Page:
I asked Marco about the present internet situation in Serbia. He answered that because of the geographical condition in Serbia there is an unequal spread in internet connection possibilities. It is very difficult in the mountain regions to even get access to a proper telephone line. In the urban areas internet is more common. Yet internet speeds that we have in The Netherlands are unusual. Most people use a dial-up connection, with a maximum speed of 56 kb/s. This, however, is still considered very fast (for a dial-up connection). When people want a faster access, they can get an ADSL connection. The cost is about 15 euros per month for a speed of 128 kb/s. The maximum speed available (via cable) is 2 mb/s and is only affordable by big companies, multi-nationals and the very rich.

Downloading films and music is not as ordinary in comparison to Western countries. Streaming videos via GoogleVideo or YouTube is also considered exceptional. Warez are available at almost every street corner in Belgrade. Illegal Dvd’s and Cd’s are big business. Most people in Serbia only use internet for checking their mail and to read through news sites. The average income in Serbia is currently about 500 dollars per month. For most people it is too expensive to get a 128 kb/s connection for 15 euro’s (19 dollars). Because the difference between a dial-up connection is relatively small, it is more common people make use of this type of internet access.

Developing the communication infrastructure in Serbia is very costly. Placing new cables to households takes high investments by the government. In a country that is still tormented by a civil war, Nato bombing, and a fraudious regime, it is difficult to imagine new media technology to be a priority. It is therefore to be expected that private companies supply and empower urban areas in Serbia with cable. However reality disagrees.

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In addition to Alexander R. Galloway – Protocol, chapter I: Physical Media, here’s a nice animation:

Warriors of the Net

pigeon.jpgIn a time when everything is about blogging, vlogging and glogging it is necessary to highlight an old school tool used by researchers years before anyone had ever heard of blogs, the mailing list. There are thousands of mailing lists handling almost every subject imaginable and many of them could be of interest to the field of new media research.

I am currently subscribed to a couple of new media related mailing lists and find them of great value. The thing I don’t understand is why these mailing lists haven’t transformed themselves into a more modern and versatile form, like a blog. (more…)

The closing session of MyCreativity continued the previous session on dispatches from the city: Examples of the Creative Industry -or insert preffered term here- from around Europe. The first session covered Vienna, Dublin, Barcelona and Basel.

In this second session we’re venturing into London, Helsinki, Berlin and with Rotterdam we’re bringing MyCreativity back home to the Netherlands. What follows are my observations, thoughts and questions on the presentations. (more…)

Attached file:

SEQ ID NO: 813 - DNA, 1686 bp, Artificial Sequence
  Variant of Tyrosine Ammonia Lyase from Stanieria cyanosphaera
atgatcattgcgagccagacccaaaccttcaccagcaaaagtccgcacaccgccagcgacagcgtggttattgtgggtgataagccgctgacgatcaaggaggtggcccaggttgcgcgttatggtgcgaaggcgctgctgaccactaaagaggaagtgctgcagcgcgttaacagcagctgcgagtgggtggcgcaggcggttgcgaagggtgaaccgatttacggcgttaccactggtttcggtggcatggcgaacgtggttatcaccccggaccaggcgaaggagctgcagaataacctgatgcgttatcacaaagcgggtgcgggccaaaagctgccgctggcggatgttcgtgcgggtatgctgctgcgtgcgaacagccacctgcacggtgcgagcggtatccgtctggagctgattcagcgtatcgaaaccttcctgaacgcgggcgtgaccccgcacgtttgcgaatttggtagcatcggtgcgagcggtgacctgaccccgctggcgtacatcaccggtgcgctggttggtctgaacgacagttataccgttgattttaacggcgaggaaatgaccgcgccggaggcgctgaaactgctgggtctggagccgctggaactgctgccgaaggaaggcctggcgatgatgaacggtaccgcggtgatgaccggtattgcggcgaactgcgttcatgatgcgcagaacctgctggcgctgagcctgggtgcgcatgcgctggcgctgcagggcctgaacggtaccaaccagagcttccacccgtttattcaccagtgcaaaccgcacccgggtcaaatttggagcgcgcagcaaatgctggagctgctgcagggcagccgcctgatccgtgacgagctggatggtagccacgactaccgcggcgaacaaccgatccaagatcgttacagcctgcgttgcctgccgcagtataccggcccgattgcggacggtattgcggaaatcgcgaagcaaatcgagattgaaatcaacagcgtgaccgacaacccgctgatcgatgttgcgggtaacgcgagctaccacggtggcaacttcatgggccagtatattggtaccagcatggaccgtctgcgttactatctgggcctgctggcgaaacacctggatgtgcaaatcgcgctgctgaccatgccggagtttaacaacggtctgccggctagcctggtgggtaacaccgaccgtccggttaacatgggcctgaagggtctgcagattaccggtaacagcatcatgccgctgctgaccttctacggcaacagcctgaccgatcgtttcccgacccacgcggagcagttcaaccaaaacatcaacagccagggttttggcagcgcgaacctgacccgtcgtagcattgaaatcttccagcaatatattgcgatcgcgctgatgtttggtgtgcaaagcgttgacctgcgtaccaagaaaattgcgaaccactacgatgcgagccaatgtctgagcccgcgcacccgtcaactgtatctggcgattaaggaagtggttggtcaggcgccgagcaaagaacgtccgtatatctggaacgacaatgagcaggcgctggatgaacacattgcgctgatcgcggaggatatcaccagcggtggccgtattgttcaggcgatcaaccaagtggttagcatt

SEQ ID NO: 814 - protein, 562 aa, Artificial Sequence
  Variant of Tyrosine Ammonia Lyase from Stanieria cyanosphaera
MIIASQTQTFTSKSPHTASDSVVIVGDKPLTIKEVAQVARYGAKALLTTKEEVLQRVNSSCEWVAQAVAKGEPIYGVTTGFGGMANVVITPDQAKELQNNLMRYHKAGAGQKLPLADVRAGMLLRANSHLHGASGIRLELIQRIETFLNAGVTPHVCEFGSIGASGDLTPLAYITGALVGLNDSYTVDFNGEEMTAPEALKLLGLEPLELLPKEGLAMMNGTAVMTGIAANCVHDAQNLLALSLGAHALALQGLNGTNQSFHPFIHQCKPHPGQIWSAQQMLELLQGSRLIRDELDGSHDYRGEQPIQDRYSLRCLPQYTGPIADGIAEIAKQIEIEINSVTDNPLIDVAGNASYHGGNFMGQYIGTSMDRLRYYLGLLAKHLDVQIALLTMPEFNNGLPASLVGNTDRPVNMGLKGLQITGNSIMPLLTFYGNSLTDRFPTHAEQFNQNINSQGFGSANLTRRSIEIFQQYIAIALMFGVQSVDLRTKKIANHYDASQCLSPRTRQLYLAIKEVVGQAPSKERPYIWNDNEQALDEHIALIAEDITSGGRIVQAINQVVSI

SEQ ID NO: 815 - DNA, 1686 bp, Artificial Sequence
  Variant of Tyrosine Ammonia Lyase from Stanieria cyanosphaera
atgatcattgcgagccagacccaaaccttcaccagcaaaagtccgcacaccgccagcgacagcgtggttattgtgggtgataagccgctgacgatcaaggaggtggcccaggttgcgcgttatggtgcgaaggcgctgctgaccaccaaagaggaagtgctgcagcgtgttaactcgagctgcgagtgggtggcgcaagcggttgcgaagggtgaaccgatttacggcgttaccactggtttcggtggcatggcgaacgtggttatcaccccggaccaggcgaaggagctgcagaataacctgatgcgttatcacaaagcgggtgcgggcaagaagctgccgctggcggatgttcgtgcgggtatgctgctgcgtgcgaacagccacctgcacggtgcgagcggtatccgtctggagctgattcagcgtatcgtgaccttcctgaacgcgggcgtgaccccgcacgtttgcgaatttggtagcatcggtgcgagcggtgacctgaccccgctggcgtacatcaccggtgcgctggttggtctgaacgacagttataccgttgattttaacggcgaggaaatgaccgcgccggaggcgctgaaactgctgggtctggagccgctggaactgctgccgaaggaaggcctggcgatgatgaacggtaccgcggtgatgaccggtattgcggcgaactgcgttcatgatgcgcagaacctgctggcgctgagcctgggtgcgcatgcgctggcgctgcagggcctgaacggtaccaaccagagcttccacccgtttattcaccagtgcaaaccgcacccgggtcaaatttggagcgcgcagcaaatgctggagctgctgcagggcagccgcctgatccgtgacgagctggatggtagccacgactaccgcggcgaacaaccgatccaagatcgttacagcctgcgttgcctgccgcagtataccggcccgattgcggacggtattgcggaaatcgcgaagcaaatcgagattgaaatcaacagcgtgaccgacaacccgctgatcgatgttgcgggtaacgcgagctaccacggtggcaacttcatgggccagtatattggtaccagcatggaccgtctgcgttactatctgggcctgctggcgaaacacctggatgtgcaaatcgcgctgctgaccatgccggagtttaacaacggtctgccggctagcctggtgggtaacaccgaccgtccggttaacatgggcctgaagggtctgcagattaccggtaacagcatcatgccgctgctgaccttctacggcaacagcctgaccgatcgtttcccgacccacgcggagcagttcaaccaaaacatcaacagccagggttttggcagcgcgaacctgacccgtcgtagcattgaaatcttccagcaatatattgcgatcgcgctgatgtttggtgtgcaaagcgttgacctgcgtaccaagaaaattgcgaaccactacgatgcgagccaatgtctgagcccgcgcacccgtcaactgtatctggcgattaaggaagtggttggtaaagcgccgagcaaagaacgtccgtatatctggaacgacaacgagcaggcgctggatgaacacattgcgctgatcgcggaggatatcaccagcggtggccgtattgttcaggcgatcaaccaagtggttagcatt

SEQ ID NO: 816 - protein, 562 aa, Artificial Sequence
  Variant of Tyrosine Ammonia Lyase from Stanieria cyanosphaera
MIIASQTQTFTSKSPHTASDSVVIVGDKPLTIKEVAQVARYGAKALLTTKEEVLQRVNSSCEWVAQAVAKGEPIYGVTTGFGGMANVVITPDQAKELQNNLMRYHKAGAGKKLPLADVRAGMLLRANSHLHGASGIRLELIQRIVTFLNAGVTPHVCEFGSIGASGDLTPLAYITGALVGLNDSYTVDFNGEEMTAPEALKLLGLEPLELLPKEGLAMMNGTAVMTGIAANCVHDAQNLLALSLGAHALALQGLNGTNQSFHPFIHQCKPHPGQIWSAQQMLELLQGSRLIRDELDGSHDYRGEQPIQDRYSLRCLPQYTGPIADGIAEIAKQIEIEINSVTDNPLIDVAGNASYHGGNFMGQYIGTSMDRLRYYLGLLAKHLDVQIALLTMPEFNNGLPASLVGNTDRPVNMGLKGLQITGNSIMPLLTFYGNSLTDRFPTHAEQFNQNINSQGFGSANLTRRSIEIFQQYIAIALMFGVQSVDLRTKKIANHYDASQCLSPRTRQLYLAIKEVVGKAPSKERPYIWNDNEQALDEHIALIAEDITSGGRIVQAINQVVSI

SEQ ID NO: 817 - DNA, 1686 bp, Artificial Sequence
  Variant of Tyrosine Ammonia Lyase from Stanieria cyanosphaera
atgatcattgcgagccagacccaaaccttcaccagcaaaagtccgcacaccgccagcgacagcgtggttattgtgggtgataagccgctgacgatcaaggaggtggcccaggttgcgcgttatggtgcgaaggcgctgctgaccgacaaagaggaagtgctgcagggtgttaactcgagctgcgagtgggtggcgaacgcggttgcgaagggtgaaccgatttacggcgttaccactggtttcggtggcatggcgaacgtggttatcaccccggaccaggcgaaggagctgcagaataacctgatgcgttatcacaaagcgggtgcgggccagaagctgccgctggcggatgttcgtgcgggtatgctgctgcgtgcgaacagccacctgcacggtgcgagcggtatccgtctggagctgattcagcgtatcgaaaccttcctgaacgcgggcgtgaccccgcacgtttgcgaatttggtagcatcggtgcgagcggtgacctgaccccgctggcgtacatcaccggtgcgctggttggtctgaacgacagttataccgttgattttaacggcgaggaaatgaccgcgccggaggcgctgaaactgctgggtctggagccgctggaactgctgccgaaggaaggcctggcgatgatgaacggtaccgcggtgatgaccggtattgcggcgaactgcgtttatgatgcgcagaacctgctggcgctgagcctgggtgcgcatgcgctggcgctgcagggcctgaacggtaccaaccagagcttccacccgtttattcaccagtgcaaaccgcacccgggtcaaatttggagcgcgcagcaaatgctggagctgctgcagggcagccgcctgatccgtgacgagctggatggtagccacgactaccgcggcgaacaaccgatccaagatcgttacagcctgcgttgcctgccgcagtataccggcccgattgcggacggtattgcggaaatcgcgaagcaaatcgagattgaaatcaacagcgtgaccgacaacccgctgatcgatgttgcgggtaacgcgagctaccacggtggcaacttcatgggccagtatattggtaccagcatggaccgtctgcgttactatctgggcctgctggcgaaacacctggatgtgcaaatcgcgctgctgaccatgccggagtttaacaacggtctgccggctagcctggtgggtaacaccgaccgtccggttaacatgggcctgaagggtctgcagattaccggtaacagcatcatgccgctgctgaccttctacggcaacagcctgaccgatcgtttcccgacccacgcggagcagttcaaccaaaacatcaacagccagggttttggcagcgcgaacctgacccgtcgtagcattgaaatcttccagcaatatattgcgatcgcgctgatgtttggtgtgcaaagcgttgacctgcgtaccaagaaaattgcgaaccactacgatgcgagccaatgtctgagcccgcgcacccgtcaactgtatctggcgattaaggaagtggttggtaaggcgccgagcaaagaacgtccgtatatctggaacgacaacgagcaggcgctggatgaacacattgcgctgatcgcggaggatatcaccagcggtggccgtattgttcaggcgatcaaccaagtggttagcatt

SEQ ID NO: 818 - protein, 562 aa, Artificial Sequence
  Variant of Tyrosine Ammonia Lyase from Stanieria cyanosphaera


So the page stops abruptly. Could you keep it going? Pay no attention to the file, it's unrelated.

Galloway’s Protocol addresses how control exists after decentralization, that is, in specific places where decentralization is done and gone and distribution has set in as the dominant network diagram. Galloway suggests protocol is an answer for that.

In part I of the book Galloway states that the protocols that underlie the Internet are not politically neutral. They regulate physical media, sculpt cultural formations, and exercise political control. In part III Galloway comes back to this point. He writes that if the network itself is political from the start, then any artistic practice within that network must engage political or feign ignorance.

So my question is, what is the dominant political ideology that is embedded in protocols that underlie the Internet?

I don’t know about you, but this makes me quite jealous…

http://www.youtube.com/watch?v=bNF_P281Uu4

Matt is a 29-year-old deadbeat from Connecticut who used to think that all he ever wanted to do in life was make and play videogames. He achieved this goal pretty early and enjoyed it for a while, but eventually realized there might be other stuff he was missing out on. In February of 2003, he quit his job in Brisbane, Australia and used the money he’d saved to wander around the planet until it ran out. He made this site so he could keep his family and friends updated about where he is.

A few months into his trip, a travel buddy gave Matt the idea of dancing everywhere he went and recording it on his camera. This turned out to be a very good idea. Now Matt is quasi-famous as “That guy who dances on the internet. No, not that guy. The other one. No, not him either. I’ll send you the link. It’s funny.”

http://www.wherethehellismatt.com/about.html

In a recent post on my personal blog about Linux compatibility, I wasn’t that surprised that some things just don’t work under Linux. In my case I was unable to connect with the UvA network since Cisco did not provide some essential driver updates for Linux/Kubuntu. But with Windows XP now installed again and with Mozilla Thunderbird for my e-mail, I really didn’t expect anything to be incompatible.